Cat® Machines (and Crew) Save the Day at Motorcycle Racing Event

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Cat® Machines (and Crew) Save the Day at Motorcycle Racing Event

Rain and mud no match for teamwork and plenty of Cat® machinery

With heavy rains and deep mud threatening to cancel one of professional motorcycling’s most prestigious races, Caterpillar had the right people in the right place at the right time—not to mention some heavy machinery at their disposal—to save the annual August event for hundreds of riders and thousands of race fans. The event is called the Peoria “TT” and billed as the world’s longest consecutive running dirt track race. Hosted by the Peoria Motorcycle Club on their home track in rural Peoria, Illinois, this year was the 72nd annual running of the TT event—bringing in some of the world’s best riders

The following article was originally published on americanflattrack.com.

By Mitch Boehm, American Flat Track

Rain has always been a dirt racetrack’s Achilles Heel, especially if the track in question sits at the bottom of a valley. And anyone familiar with PMC Race Park – home of the legendary Peoria TT – knows the circuit sits smack dab at the bottom of one. They don’t call it ‘Thunder Valley’ for nothin’.

In the days leading up to the 72nd running of the Peoria TT on August 18, 2018, the rains came. And came. Peoria Motorcycle Club members all said was more than they’d seen in years.

Come Friday morning, things were not good. The track was a bog, and just walking across it had your boots sinking 8-10 inches into gooey muck. The fact that the club had imported tons of fresh clay last year didn’t help, as the clay – which yields a near-perfect racing surface when dry and prepped – tends to hold water in a serious way.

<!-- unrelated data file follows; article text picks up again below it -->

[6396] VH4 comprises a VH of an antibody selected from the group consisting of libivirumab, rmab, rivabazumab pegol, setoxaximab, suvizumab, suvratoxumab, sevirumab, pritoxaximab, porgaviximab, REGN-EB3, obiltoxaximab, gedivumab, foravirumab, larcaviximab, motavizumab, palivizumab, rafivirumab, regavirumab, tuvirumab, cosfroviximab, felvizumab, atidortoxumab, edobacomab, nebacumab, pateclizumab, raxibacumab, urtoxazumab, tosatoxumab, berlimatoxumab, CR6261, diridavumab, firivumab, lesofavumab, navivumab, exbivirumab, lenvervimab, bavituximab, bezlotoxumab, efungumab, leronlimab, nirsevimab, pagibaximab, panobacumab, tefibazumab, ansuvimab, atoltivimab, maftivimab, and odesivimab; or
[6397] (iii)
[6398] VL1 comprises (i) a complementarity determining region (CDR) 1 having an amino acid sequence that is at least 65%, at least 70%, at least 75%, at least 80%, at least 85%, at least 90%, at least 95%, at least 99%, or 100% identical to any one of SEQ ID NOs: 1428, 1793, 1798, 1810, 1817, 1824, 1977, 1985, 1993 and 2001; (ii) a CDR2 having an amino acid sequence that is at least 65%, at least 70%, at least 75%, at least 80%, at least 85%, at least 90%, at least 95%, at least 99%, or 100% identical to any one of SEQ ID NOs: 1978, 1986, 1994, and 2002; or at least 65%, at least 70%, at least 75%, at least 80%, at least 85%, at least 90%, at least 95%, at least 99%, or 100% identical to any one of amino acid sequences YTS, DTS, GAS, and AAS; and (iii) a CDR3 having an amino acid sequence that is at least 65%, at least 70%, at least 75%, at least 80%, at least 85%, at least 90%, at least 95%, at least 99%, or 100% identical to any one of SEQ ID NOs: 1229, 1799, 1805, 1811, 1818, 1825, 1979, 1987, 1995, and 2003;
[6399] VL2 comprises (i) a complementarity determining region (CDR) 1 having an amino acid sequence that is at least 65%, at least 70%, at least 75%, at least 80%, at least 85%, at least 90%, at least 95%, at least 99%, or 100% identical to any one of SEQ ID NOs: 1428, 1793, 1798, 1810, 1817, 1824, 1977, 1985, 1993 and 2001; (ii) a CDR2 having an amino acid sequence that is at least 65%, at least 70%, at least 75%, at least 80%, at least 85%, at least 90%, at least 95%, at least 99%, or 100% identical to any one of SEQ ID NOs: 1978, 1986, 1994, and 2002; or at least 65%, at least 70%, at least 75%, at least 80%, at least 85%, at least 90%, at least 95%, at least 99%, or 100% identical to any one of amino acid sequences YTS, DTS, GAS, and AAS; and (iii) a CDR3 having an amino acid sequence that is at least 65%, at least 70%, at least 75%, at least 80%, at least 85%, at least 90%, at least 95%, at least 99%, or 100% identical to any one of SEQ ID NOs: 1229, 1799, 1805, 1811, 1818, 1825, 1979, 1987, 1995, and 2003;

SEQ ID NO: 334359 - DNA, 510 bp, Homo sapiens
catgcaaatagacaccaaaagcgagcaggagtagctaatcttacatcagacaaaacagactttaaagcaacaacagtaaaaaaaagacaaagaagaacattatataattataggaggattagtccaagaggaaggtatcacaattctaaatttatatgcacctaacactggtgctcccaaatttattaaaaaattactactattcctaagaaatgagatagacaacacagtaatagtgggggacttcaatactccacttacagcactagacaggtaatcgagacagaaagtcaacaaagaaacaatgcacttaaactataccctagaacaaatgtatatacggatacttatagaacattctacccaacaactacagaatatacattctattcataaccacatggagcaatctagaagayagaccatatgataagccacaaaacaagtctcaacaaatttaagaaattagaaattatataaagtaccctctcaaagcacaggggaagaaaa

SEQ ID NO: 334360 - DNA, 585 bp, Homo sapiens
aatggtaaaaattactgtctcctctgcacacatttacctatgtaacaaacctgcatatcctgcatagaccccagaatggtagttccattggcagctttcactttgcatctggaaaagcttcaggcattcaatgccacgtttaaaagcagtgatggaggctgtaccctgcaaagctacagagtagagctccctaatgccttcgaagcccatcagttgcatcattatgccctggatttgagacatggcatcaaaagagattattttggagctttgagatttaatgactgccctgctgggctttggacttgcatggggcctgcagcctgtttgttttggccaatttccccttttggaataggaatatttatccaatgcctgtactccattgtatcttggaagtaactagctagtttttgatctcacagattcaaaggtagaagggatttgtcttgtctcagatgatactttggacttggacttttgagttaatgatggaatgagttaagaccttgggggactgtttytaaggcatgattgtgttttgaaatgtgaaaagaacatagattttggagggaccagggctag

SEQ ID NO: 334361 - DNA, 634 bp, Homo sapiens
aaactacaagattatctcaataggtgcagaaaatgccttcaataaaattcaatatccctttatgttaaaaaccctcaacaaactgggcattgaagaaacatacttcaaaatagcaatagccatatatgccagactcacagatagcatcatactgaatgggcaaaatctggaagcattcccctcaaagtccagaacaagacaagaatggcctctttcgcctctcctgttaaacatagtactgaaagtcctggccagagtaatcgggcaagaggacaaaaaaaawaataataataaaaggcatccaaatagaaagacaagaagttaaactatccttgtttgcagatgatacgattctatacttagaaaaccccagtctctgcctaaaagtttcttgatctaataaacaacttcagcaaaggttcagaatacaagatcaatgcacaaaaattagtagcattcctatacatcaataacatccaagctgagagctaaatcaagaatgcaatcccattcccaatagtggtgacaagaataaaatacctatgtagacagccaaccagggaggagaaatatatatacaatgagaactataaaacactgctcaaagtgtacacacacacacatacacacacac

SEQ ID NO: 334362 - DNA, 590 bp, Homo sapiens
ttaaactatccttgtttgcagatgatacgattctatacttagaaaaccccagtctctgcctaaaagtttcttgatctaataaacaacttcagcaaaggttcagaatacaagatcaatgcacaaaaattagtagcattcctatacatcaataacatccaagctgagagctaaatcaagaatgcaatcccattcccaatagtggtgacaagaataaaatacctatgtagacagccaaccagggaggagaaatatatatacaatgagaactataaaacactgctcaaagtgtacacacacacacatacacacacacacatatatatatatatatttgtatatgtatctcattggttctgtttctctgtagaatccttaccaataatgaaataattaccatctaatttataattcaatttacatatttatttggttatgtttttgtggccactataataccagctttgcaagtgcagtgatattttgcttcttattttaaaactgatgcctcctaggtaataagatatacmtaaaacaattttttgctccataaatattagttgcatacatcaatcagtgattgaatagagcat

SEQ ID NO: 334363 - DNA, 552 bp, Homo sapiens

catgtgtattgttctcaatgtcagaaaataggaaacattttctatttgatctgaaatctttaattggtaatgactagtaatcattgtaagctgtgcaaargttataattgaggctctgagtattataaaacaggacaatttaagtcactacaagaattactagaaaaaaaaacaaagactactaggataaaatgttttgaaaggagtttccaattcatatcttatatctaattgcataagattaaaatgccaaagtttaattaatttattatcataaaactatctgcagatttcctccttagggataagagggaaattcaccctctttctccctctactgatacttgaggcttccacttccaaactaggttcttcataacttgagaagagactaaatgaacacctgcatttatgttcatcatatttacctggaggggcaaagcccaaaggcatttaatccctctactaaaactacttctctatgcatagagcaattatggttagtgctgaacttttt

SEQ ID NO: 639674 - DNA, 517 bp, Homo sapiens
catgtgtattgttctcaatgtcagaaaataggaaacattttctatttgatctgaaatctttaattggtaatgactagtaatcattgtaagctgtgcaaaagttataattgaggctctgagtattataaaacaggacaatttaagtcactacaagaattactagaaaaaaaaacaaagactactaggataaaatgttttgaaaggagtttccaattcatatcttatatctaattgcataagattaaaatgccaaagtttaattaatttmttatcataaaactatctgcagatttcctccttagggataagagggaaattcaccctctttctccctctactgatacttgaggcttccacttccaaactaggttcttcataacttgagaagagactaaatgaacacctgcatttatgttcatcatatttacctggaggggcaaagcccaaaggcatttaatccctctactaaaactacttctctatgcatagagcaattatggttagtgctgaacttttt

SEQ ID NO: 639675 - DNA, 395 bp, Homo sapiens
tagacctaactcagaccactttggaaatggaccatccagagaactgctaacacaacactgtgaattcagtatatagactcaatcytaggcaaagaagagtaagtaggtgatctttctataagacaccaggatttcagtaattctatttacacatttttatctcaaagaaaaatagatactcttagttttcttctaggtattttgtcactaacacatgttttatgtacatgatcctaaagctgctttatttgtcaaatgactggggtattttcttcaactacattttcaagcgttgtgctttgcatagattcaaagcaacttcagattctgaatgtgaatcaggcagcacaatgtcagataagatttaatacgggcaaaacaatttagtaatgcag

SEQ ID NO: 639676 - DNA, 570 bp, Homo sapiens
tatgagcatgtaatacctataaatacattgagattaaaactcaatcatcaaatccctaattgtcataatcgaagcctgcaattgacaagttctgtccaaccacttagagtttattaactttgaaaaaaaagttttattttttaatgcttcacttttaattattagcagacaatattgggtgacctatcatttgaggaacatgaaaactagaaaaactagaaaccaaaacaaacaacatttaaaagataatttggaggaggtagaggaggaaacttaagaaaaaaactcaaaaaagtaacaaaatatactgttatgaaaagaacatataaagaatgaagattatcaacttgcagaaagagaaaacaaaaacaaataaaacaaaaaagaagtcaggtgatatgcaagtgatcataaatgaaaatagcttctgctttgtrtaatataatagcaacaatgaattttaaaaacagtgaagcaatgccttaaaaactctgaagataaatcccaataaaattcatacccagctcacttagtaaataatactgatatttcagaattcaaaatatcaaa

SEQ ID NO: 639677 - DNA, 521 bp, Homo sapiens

Early Friday morning things looked pretty dire. But the Caterpillar team kept the faith and delivered big time. Early Friday morning things looked pretty dire. But the Caterpillar team kept the faith and delivered big time.
Early Friday morning things looked pretty dire. But the Caterpillar team kept the faith and delivered big time.

Not helping was Friday’s weather: Warm, with 90-percent humidity and very little breeze. The bog wasn’t about to dry and firm up, which spelled trouble for PMC and American Flat Track’s plan to hold a National the following day.

By Friday afternoon things were critical, and PMC and AFT management met to discuss options. Postponing the race until Sunday was not a good one. Fans’ and teams’ plans would be upset dramatically, and both PMC and AFT – and the teams themselves – would incur serious costs. With no rain in the forecast, the ideal situation was to somehow make the track raceable on Saturday. But with that much mud, getting it done was a huge task.

This shot was taken many hours into the prepping process, and it was still seriously sticky. This shot was taken many hours into the prepping process, and it was still seriously sticky.
This shot was taken many hours into the prepping process, and it was still seriously sticky.

Fortunately, a couple of representatives from Caterpillar – one of the Peoria TT’s longtime sponsors and a corporate fixture in Peoria for decades – were in attendance. Might we, one of them asked, bring in some members from our Edwards Demonstration & Learning Center – along with appropriate heavy machinery – to try to help get the track in race-ready condition? “If we can’t make the track race-ready,” one of the Caterpillar representatives added, “no one can.”